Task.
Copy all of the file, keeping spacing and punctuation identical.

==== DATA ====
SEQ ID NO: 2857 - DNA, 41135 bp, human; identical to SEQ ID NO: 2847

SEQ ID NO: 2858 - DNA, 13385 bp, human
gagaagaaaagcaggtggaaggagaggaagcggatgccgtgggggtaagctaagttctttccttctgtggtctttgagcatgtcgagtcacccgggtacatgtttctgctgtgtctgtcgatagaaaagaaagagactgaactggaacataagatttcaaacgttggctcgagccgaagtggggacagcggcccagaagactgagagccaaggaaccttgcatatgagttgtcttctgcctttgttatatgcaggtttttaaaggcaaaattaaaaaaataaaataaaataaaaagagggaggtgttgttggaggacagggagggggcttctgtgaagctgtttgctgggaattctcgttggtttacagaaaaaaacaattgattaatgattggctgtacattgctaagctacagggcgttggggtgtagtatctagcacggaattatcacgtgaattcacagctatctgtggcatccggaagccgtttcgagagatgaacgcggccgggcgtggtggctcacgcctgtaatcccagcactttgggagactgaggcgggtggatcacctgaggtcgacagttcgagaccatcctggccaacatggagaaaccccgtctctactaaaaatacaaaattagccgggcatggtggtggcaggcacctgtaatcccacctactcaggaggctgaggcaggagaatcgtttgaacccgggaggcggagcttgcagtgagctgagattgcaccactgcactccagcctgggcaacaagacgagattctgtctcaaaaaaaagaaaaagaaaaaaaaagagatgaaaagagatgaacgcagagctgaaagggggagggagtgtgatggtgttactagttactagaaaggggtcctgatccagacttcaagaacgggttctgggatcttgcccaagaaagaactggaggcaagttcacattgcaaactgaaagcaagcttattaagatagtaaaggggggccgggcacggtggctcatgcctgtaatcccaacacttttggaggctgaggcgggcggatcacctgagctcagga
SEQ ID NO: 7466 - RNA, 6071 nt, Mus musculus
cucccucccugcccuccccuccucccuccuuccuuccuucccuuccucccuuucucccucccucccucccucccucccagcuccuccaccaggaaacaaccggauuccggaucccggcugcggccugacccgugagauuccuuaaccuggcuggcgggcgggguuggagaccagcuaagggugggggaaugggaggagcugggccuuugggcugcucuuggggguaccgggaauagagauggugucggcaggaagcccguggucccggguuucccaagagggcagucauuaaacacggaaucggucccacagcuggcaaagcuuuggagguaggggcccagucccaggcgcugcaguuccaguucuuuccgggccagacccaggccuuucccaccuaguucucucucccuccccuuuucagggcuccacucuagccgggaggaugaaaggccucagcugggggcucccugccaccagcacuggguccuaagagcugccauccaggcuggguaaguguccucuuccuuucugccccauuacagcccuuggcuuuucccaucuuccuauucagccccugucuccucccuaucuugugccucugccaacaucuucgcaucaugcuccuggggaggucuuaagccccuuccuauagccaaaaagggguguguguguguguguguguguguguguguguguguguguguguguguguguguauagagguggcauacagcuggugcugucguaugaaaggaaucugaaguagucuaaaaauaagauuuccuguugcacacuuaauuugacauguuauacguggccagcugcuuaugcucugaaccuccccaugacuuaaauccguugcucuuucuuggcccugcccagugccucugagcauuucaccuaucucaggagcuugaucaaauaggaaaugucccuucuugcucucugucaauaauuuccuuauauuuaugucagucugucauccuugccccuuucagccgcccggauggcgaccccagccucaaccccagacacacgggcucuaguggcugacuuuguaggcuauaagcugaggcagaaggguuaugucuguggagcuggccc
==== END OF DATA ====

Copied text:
SEQ ID NO: 2857 - DNA, 41135 bp, human; identical to SEQ ID NO: 2847

SEQ ID NO: 2858 - DNA, 13385 bp, human
gagaagaaaagcaggtggaaggagaggaagcggatgccgtgggggtaagctaagttctttccttctgtggtctttgagcatgtcgagtcacccgggtacatgtttctgctgtgtctgtcgatagaaaagaaagagactgaactggaacataagatttcaaacgttggctcgagccgaagtggggacagcggcccagaagactgagagccaaggaaccttgcatatgagttgtcttctgcctttgttatatgcaggtttttaaaggcaaaattaaaaaaataaaataaaataaaaagagggaggtgttgttggaggacagggagggggcttctgtgaagctgtttgctgggaattctcgttggtttacagaaaaaaacaattgattaatgattggctgtacattgctaagctacagggcgttggggtgtagtatctagcacggaattatcacgtgaattcacagctatctgtggcatccggaagccgtttcgagagatgaacgcggccgggcgtggtggctcacgcctgtaatcccagcactttgggagactgaggcgggtggatcacctgaggtcgacagttcgagaccatcctggccaacatggagaaaccccgtctctactaaaaatacaaaattagccgggcatggtggtggcaggcacctgtaatcccacctactcaggaggctgaggcaggagaatcgtttgaacccgggaggcggagcttgcagtgagctgagattgcaccactgcactccagcctgggcaacaagacgagattctgtctcaaaaaaaagaaaaagaaaaaaaaagagatgaaaagagatgaacgcagagctgaaagggggagggagtgtgatggtgttactagttactagaaaggggtcctgatccagacttcaagaacgggttctgggatcttgcccaagaaagaactggaggcaagttcacattgcaaactgaaagcaagcttattaagatagtaaaggggggccgggcacggtggctcatgcctgtaatcccaacacttttggaggctgaggcgggcggatcacctgagctcagga
SEQ ID NO: 7466 - RNA, 6071 nt, Mus musculus
cucccucccugcccuccccuccucccuccuuccuuccuucccuuccucccuuucucccucccucccucccucccucccagcuccuccaccaggaaacaaccggauuccggaucccggcugcggccugacccgugagauuccuuaaccuggcuggcgggcgggguuggagaccagcuaagggugggggaaugggaggagcugggccuuugggcugcucuuggggguaccgggaauagagauggugucggcaggaagcccguggucccggguuucccaagagggcagucauuaaacacggaaucggucccacagcuggcaaagcuuuggagguaggggcccagucccaggcgcugcaguuccaguucuuuccgggccagacccaggccuuucccaccuaguucucucucccuccccuuuucagggcuccacucuagccgggaggaugaaaggccucagcugggggcucccugccaccagcacuggguccuaagagcugccauccaggcuggguaaguguccucuuccuuucugccccauuacagcccuuggcuuuucccaucuuccuauucagccccugucuccucccuaucuugugccucugccaacaucuucgcaucaugcuccuggggaggucuuaagccccuuccuauagccaaaaagggguguguguguguguguguguguguguguguguguguguguguguguguguguguauagagguggcauacagcuggugcugucguaugaaaggaaucugaaguagucuaaaaauaagauuuccuguugcacacuuaauuugacauguuauacguggccagcugcuuaugcucugaaccuccccaugacuuaaauccguugcucuuucuuggcccugcccagugccucugagcauuucaccuaucucaggagcuugaucaaauaggaaaugucccuucuugcucucugucaauaauuuccuuauauuuaugucagucugucauccuugccccuuucagccgcccggauggcgaccccagccucaaccccagacacacgggcucuaguggcugacuuuguaggcuauaagcugaggcagaaggguuaugucuguggagcuggccc